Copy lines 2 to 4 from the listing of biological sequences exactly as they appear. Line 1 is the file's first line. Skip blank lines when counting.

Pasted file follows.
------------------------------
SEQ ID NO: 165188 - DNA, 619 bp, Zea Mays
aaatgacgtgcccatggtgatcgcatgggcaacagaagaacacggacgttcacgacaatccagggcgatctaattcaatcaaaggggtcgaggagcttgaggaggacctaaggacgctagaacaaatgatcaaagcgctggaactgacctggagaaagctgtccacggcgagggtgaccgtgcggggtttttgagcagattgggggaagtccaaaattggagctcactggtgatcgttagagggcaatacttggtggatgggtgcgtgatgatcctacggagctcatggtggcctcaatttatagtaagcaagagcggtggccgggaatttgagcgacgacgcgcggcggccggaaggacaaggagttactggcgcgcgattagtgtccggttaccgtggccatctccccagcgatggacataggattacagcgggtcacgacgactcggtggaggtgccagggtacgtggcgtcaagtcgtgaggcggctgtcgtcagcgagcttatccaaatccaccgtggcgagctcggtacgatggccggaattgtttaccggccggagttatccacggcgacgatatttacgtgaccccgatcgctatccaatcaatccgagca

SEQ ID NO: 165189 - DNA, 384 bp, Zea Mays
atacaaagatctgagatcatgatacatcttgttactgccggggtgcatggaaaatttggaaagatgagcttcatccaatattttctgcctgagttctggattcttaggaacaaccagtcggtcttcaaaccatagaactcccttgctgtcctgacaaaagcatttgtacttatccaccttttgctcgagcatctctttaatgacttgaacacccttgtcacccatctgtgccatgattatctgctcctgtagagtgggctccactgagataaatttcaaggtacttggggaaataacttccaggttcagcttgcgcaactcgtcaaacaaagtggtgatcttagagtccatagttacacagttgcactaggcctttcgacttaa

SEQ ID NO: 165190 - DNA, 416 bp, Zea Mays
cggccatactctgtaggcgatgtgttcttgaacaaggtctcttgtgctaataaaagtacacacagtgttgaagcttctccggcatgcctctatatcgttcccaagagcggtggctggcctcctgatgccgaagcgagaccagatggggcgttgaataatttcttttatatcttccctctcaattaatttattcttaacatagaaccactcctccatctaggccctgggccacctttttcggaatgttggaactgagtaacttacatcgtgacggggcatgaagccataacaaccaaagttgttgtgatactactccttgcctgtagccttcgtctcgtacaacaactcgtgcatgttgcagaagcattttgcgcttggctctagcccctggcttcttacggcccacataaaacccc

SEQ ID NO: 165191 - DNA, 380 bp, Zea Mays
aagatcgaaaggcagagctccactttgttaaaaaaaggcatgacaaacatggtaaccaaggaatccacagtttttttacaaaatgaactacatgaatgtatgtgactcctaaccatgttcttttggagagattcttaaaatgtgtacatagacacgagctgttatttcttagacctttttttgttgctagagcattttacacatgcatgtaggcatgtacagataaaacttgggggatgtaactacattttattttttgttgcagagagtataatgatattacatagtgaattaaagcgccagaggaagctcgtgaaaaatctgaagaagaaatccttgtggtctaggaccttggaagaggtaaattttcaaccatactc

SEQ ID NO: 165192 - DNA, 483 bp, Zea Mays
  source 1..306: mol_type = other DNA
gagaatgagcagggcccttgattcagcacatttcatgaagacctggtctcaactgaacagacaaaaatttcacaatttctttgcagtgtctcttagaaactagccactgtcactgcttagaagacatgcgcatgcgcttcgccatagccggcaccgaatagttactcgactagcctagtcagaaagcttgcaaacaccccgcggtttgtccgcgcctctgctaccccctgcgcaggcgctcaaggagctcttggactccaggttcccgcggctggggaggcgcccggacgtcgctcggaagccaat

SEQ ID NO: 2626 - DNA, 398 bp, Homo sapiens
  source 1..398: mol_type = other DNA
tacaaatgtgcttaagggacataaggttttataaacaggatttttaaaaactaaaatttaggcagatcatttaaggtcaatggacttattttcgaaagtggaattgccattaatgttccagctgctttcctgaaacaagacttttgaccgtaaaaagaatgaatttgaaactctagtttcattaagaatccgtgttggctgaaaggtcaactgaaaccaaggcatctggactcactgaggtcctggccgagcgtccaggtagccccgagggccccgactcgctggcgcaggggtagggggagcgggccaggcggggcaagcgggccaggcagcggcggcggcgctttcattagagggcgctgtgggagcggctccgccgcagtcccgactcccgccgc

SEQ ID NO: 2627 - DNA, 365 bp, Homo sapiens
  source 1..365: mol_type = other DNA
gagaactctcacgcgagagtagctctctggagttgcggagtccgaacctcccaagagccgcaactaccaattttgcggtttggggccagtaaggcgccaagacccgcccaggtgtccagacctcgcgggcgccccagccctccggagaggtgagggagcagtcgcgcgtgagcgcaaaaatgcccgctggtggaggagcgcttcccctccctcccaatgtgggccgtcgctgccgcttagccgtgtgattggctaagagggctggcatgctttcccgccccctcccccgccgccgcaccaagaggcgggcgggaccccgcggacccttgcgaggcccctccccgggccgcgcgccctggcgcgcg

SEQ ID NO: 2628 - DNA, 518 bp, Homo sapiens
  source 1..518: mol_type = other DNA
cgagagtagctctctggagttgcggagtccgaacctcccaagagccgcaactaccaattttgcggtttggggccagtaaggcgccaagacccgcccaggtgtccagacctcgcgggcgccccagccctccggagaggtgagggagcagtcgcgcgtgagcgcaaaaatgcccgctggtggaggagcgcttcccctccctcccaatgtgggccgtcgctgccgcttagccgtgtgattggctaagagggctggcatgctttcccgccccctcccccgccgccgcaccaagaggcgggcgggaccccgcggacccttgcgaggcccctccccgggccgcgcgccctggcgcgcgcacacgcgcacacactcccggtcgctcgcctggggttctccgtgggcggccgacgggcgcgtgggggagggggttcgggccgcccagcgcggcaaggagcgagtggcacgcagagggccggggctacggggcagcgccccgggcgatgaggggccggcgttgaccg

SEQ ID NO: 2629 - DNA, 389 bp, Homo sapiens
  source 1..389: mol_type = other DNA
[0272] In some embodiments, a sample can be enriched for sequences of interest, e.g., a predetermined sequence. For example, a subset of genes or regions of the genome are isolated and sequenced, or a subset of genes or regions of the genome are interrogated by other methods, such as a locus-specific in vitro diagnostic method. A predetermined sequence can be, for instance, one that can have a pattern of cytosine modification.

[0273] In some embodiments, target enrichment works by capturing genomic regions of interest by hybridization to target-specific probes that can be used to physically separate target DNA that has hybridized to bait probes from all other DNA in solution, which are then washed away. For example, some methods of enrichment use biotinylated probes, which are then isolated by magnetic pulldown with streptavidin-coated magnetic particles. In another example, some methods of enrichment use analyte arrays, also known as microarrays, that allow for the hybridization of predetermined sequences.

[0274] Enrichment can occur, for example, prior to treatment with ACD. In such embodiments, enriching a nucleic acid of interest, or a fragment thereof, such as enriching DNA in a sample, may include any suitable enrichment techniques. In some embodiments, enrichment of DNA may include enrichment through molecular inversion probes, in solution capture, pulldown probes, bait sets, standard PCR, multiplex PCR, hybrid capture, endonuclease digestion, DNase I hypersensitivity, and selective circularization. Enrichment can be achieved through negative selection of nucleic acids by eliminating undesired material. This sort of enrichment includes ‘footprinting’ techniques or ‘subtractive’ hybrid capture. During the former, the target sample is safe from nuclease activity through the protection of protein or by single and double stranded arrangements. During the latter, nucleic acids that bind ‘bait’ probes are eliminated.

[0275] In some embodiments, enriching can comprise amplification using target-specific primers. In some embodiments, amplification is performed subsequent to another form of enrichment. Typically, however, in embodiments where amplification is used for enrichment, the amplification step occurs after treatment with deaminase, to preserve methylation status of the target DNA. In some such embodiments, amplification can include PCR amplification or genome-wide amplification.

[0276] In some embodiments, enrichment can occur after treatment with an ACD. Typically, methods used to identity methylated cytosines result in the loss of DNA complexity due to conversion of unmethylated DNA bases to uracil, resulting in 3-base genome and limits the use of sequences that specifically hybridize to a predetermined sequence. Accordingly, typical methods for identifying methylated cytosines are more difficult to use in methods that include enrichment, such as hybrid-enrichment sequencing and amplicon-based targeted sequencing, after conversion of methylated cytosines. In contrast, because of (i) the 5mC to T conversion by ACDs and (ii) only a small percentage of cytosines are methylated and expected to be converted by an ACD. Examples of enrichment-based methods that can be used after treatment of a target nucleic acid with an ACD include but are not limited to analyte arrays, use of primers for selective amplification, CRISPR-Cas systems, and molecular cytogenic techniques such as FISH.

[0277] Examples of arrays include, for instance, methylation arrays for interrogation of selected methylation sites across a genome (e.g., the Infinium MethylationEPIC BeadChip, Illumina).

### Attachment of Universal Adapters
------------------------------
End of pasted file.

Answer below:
aaatgacgtgcccatggtgatcgcatgggcaacagaagaacacggacgttcacgacaatccagggcgatctaattcaatcaaaggggtcgaggagcttgaggaggacctaaggacgctagaacaaatgatcaaagcgctggaactgacctggagaaagctgtccacggcgagggtgaccgtgcggggtttttgagcagattgggggaagtccaaaattggagctcactggtgatcgttagagggcaatacttggtggatgggtgcgtgatgatcctacggagctcatggtggcctcaatttatagtaagcaagagcggtggccgggaatttgagcgacgacgcgcggcggccggaaggacaaggagttactggcgcgcgattagtgtccggttaccgtggccatctccccagcgatggacataggattacagcgggtcacgacgactcggtggaggtgccagggtacgtggcgtcaagtcgtgaggcggctgtcgtcagcgagcttatccaaatccaccgtggcgagctcggtacgatggccggaattgtttaccggccggagttatccacggcgacgatatttacgtgaccccgatcgctatccaatcaatccgagca

SEQ ID NO: 165189 - DNA, 384 bp, Zea Mays
atacaaagatctgagatcatgatacatcttgttactgccggggtgcatggaaaatttggaaagatgagcttcatccaatattttctgcctgagttctggattcttaggaacaaccagtcggtcttcaaaccatagaactcccttgctgtcctgacaaaagcatttgtacttatccaccttttgctcgagcatctctttaatgacttgaacacccttgtcacccatctgtgccatgattatctgctcctgtagagtgggctccactgagataaatttcaaggtacttggggaaataacttccaggttcagcttgcgcaactcgtcaaacaaagtggtgatcttagagtccatagttacacagttgcactaggcctttcgacttaa